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The Taste and Smell Clinic

September 2020

Stem Cells and Sensory Function

Stem cells encompass multiple cell types but they all have several properties in common. They exhibit self-renewal and self-differentiating properties. They exist in many different tissues and play a role in self-generation of each tissue. However, all stem cells exhibit several similar properties – one of the most critical is the requirement that specific localized chemical properties are present and are secreted in a continuous manner to maintain the integrity both of the stem cell itself, and to induce the stem cell to initiate growth and development of the sensory structures in which the stem cell is found. The stem cell itself is relatively long-lived whereas its secretions to activate its sensory components may be readily amenable to multiple pathologies which interfere with these secretions.

For the taste and smell systems, stem cells reside in the receptors by which sensory information is received and processed. This indicates that taste buds and olfactory epithelial cells each contain stem cells to allow sensory perception of taste and smell function to occur. Further, taste and smell receptor cells (taste buds and olfactory epithelial cells) exhibit unique anatomical characteristics – they do not exhibit blood vessels or lymphatics and they do not exhibit mitosis, i.e. they themselves do not appear to divide metabolically. Yet, these sensory receptors turn over on a 24-hour basis and are thus metabolically very active. How does this occur if these sensory cells themselves do not exhibit mitosis?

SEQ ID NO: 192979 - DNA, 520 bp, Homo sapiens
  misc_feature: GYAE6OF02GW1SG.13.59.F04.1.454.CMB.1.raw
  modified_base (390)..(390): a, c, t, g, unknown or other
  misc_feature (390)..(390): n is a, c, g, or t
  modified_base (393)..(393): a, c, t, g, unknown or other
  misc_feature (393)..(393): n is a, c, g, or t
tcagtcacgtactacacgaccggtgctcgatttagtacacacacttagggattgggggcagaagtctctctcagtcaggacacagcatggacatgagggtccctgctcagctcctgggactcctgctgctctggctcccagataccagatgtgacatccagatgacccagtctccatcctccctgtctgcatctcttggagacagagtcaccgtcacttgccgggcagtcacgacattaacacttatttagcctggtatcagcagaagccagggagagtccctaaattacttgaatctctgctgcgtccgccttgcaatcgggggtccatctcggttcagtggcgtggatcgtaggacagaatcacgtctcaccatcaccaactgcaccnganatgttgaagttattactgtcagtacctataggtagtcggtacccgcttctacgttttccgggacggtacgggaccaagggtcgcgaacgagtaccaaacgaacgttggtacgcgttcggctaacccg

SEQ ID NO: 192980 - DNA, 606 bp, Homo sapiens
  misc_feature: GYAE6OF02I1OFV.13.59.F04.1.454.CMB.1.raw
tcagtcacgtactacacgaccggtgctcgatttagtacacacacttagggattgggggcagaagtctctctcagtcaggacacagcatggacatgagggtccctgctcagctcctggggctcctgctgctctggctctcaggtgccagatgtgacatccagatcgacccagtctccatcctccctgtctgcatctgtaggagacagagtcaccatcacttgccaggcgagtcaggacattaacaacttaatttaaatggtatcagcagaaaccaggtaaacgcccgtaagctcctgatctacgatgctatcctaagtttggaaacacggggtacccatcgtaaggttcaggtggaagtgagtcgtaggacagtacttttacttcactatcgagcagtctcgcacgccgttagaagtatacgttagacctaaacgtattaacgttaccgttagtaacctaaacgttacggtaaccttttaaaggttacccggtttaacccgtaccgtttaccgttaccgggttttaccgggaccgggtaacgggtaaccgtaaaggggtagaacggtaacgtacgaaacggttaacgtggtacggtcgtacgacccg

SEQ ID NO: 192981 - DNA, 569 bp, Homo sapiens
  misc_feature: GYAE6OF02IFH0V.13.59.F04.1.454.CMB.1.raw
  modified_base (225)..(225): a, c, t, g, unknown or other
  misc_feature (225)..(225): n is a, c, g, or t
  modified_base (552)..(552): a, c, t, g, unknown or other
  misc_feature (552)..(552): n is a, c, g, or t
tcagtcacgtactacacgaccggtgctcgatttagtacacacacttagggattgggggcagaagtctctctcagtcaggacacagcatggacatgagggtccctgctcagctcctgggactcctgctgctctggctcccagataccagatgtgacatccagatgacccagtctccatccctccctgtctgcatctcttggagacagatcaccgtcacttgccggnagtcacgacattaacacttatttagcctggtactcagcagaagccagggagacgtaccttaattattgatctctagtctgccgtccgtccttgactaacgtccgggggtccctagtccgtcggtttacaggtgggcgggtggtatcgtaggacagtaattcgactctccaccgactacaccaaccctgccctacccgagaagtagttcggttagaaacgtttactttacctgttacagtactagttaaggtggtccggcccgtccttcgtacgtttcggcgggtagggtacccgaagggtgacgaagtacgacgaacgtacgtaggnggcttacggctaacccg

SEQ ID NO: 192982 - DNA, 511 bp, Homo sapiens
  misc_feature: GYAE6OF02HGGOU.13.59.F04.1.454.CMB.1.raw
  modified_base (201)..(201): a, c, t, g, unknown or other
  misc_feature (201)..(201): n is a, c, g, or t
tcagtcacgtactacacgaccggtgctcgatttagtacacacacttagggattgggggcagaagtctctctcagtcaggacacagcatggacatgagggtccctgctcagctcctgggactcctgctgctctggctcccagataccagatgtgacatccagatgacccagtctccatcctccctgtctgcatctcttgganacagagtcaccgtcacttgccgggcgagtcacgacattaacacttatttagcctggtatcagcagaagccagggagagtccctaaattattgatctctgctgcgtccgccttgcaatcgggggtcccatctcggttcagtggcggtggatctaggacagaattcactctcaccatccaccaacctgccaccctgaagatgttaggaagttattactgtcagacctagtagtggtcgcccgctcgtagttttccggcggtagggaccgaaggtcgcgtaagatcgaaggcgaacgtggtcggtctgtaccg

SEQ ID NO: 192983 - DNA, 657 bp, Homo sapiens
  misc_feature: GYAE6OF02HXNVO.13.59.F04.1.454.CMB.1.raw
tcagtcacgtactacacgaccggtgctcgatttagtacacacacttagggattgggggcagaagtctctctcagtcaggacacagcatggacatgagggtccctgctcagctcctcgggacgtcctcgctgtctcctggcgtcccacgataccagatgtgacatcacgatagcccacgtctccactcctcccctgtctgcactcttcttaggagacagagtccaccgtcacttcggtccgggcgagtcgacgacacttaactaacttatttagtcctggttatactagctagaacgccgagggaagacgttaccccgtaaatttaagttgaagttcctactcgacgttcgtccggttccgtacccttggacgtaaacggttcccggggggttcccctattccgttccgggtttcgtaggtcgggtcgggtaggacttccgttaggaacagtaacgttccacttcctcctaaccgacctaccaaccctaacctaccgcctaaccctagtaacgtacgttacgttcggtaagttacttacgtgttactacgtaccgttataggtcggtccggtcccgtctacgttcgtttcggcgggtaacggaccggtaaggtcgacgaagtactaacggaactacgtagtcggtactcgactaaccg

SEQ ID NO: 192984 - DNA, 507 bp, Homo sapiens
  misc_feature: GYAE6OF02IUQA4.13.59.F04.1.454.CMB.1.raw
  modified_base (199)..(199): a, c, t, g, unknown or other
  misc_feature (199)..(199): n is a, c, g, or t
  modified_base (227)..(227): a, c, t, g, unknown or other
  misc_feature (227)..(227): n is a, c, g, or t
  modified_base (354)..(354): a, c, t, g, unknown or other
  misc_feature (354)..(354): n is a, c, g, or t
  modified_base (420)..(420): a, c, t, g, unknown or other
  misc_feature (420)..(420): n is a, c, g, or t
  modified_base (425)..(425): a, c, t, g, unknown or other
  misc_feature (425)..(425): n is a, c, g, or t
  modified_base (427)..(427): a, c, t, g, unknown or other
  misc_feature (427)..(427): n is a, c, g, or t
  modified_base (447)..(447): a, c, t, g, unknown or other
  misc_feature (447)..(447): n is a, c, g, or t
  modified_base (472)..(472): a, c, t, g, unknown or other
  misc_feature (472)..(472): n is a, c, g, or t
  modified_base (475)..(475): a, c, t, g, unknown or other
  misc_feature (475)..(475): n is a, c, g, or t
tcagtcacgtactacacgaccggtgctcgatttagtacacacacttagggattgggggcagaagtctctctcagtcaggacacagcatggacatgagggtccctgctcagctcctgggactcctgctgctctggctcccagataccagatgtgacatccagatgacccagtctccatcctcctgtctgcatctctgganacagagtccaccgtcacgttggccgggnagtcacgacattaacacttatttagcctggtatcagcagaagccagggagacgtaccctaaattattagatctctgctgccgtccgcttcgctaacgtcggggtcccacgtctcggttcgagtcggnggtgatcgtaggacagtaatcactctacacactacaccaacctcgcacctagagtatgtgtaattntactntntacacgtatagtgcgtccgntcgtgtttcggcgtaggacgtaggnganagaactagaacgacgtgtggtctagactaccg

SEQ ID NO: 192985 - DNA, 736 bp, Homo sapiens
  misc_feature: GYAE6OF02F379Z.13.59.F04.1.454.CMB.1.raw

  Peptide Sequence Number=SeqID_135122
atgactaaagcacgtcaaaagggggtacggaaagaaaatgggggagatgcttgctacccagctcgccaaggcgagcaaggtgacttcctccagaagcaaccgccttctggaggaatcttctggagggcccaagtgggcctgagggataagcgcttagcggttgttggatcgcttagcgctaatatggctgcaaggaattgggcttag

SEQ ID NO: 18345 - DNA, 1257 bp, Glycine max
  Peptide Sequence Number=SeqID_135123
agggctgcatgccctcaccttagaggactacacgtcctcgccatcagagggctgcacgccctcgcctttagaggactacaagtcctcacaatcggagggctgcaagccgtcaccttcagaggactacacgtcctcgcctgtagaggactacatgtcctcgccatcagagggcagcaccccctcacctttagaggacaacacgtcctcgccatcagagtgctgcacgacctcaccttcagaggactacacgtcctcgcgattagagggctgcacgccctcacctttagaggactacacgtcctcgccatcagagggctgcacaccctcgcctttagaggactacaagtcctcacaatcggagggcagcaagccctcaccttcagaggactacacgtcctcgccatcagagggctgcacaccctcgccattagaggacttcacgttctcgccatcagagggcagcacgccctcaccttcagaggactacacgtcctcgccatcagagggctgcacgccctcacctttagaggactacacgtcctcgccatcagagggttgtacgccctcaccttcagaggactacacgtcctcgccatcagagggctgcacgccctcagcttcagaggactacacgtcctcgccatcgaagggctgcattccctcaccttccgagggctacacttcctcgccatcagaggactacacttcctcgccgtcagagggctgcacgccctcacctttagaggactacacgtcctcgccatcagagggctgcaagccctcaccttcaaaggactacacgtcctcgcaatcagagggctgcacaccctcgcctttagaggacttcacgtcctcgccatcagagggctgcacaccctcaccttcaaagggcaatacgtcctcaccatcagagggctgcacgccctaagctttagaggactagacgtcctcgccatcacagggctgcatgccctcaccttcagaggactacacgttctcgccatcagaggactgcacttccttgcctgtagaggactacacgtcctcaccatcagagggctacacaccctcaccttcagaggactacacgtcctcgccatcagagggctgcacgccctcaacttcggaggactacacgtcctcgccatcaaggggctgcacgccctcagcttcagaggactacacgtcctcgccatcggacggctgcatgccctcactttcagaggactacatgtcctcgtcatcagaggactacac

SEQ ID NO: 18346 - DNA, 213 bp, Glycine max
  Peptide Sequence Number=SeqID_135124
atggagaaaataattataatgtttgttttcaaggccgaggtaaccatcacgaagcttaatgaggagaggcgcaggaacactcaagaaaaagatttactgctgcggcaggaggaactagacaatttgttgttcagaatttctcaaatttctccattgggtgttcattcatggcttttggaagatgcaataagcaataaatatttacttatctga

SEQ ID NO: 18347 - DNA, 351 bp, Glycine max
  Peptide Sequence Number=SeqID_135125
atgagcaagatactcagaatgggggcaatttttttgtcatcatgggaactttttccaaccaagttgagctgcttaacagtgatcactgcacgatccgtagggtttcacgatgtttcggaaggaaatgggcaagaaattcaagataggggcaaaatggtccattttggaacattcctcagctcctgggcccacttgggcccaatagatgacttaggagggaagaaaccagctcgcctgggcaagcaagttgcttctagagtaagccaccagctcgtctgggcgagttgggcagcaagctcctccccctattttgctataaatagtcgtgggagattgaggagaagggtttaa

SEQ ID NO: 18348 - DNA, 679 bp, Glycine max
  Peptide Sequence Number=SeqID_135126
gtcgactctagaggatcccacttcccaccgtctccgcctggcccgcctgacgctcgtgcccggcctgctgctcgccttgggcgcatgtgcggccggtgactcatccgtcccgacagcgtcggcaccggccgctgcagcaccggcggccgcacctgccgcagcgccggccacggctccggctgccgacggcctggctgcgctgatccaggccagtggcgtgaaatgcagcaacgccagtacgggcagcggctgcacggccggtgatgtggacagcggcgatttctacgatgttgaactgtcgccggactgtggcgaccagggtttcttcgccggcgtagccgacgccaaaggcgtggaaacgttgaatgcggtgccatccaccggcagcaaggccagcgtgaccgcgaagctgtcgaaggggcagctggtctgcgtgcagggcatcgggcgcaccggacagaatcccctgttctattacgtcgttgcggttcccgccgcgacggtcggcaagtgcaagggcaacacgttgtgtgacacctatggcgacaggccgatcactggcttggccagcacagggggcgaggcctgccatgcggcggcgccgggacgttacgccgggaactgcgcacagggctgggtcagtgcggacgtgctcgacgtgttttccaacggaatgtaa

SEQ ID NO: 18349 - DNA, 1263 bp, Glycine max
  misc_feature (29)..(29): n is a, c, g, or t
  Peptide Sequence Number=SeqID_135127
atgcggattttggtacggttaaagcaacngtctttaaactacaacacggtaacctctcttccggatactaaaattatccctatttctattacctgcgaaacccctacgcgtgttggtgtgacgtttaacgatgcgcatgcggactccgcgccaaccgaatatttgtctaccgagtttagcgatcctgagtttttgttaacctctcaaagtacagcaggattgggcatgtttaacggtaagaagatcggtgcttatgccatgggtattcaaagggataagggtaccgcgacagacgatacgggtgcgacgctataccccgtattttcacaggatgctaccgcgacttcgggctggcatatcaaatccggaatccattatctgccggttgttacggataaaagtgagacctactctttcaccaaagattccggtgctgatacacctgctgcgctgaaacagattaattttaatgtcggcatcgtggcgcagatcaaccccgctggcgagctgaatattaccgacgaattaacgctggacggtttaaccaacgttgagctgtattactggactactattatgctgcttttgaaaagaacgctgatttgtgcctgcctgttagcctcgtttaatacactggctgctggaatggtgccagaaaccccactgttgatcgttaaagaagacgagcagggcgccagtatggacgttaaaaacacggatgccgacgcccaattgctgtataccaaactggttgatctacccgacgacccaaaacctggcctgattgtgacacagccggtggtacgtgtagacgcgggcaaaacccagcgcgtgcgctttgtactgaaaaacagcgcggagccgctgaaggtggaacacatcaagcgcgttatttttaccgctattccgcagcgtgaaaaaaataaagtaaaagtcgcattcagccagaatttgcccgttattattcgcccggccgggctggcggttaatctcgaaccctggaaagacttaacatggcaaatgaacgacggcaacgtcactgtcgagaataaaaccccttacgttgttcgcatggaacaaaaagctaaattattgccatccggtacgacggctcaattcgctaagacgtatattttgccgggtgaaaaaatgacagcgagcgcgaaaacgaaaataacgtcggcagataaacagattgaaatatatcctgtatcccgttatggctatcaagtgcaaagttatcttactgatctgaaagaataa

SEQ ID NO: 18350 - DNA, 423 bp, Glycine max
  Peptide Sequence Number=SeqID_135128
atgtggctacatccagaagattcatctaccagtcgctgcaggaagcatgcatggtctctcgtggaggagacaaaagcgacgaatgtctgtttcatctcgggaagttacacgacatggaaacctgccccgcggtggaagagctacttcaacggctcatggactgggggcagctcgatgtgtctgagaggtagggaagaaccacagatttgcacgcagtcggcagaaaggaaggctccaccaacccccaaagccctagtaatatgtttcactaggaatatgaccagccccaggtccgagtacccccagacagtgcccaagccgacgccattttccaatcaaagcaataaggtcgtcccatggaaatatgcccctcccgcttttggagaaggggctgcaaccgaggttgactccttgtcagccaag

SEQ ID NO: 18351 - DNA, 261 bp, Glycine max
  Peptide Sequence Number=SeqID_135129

They depend upon the action of the stem cells to initiate tissue growth and development under the influence of specific growth factors which initiate this activity in these stem cells. These growth and transcription factors are secreted in the protein-containing glands whose secretions bathe these stem cells on a regular basis – parotid glands for taste buds and nasal serous glands for olfactory epithelial cells. These growth factors are similar for both taste buds and olfactory epithelial cells and include cAMP, cGMP, and sonic hedgehog. They also include moieties such as hormones, vitamins, trace metals and other metabolic moieties which comprise the complex milieu of these fluids necessary for the activation of these stem cells to initiate growth and development of these receptors.